Production of Mycorrhiza fungi

Share this post

Share on facebook
Share on linkedin
Share on twitter
Share on email

Question from Steve Bell, New Zealand.

Hi, i read your reply to an enquiry on growing mycorrihizal fungi to a reader. unfortunately i cant attend one of your courses as i live in new zealand, however i would be grateful if you could pass on some information that i could use to cultivate the fungi.virtually impossible to get it here and sooooooo  expensive. any help would be appreciated, regards, steve,bell

Hi Steve,

The production of Mycorrhiza fungi happens naturally in the soil.

If you have a field, allotment, or garden in which you wish to encourage Mycorrhiza you have to adopt a low till farming or zero till gardening method of cultivation. These work in conjunction with composting. Compost made properly is full of fungi and bacteria and will encourage the Mycorrhiza fungi to develop as well. If you have ploughed or dug the area it can take up to two years to replenish Mycorrhiza (Rodale Institure, USA). Once you have established a crop in this ground then add some intermittent perennial plants. These will preserve the Mycorrhiza when annual plants are harvested, although leaving the roots of harvested plants in the ground is the best policy as they become fresh organic matter for humus formation and won’t disturb the Mycorrhiza fungi.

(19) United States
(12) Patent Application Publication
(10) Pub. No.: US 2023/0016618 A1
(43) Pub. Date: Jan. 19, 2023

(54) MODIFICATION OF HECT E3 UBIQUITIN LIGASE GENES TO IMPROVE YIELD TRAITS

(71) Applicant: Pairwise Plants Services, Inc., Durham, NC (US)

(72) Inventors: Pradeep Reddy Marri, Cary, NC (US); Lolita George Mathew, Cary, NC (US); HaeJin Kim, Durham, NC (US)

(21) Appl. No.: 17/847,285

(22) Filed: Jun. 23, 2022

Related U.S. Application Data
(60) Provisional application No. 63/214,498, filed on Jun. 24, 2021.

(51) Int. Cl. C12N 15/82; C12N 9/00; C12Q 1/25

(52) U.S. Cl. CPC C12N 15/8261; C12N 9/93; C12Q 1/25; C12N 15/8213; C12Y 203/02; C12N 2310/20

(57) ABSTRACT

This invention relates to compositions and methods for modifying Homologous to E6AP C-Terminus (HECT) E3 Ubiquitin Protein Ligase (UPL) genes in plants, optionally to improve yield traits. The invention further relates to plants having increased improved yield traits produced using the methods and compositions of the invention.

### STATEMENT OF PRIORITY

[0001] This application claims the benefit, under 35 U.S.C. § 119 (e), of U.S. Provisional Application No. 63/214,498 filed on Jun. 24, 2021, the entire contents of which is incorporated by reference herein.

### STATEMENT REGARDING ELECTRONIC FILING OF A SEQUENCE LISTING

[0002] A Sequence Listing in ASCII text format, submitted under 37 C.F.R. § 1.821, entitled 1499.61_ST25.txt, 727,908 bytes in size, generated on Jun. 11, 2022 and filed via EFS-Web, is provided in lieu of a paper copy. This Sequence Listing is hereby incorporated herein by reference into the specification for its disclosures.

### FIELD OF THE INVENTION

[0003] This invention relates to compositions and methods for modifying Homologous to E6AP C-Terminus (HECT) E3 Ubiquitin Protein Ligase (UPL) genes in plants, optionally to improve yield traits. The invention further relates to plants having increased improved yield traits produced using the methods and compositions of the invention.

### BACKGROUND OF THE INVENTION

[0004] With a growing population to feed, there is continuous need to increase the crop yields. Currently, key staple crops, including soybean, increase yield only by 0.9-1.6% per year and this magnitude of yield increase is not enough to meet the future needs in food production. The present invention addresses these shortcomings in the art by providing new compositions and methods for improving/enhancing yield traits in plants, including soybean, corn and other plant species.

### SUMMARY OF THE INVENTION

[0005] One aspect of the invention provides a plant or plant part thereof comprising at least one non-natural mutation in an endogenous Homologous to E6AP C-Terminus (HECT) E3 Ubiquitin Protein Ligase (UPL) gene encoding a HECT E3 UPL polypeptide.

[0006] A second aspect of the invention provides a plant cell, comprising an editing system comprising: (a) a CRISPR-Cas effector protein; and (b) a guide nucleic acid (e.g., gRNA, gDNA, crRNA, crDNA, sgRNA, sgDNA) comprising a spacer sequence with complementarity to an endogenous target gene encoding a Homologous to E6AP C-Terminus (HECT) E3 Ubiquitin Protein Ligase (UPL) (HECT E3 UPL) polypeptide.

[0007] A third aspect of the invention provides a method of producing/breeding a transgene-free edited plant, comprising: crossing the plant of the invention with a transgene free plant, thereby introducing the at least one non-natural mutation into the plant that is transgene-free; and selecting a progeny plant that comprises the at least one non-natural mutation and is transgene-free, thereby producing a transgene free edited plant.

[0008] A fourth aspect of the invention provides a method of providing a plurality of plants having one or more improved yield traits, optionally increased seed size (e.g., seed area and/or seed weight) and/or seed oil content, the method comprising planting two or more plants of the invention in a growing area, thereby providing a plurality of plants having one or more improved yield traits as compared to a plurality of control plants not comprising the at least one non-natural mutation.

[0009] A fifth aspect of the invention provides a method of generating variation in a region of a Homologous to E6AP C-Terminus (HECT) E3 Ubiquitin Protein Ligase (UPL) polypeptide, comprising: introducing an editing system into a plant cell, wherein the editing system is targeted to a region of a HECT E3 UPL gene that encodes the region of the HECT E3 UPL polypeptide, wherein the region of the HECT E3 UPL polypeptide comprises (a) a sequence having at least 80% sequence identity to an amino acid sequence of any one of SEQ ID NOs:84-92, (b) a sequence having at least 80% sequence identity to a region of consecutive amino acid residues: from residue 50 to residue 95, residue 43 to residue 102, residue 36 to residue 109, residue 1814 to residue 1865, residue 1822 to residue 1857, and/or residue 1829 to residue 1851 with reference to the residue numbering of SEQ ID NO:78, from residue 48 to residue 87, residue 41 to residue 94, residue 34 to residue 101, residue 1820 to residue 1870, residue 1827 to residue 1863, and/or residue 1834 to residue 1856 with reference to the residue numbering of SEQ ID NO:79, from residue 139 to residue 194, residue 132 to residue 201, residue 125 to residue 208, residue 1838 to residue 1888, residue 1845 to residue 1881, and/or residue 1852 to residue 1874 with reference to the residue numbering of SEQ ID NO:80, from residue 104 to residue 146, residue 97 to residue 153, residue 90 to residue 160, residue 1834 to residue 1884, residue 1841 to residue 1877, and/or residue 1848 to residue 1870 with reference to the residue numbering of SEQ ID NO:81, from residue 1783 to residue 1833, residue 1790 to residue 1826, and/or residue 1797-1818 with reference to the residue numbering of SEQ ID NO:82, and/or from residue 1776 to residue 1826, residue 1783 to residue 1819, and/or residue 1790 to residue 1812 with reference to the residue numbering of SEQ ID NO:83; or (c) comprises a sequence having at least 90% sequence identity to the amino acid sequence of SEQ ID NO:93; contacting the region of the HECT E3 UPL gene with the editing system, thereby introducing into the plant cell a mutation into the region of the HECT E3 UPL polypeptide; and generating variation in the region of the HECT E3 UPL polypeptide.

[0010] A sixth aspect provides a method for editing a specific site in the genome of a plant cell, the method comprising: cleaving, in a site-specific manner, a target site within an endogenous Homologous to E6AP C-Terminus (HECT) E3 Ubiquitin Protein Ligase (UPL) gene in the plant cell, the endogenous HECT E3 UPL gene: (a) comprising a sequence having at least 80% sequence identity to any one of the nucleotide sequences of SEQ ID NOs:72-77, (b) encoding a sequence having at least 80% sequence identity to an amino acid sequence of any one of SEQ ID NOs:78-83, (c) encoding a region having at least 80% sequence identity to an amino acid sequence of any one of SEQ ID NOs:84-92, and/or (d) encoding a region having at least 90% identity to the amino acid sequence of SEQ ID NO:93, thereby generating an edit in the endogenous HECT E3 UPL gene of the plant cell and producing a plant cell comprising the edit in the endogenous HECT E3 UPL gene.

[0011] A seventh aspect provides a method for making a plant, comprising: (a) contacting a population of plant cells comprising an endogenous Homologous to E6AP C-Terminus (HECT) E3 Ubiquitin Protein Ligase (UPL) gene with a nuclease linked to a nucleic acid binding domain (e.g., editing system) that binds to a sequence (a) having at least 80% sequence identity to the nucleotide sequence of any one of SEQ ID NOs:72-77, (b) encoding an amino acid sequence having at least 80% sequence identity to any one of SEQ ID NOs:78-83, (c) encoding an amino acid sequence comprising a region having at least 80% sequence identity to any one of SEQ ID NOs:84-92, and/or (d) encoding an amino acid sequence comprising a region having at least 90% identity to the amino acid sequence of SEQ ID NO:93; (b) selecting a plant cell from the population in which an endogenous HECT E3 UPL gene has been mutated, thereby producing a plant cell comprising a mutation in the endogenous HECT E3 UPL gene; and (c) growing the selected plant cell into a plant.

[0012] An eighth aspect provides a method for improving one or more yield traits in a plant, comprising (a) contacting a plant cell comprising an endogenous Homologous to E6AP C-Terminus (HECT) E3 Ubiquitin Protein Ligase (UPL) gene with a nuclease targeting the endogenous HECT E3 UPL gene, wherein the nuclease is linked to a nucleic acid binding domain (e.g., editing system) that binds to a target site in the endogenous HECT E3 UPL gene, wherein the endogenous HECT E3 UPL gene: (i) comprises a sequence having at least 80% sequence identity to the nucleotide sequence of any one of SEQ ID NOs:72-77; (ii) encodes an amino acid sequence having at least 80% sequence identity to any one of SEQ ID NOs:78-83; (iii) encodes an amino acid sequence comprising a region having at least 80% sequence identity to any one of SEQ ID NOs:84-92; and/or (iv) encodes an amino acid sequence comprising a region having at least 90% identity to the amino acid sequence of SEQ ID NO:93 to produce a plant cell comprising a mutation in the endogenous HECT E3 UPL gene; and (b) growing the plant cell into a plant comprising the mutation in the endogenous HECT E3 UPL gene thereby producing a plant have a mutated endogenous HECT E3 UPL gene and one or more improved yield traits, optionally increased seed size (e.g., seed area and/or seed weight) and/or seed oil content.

Further reading

Feared global fammine

Due to the mess up in Ukranian Agriculture because of Russia’s needless invasion of Ukraine and blockading of ports on the Black Sea The World

Support Our Projects

Whilst Good Gardeners International is lucky enough to generate some income through our own products, we still rely heavily on invaluable donations from people such as yourself. If you can support us and the work we do, there are four options below to get involved.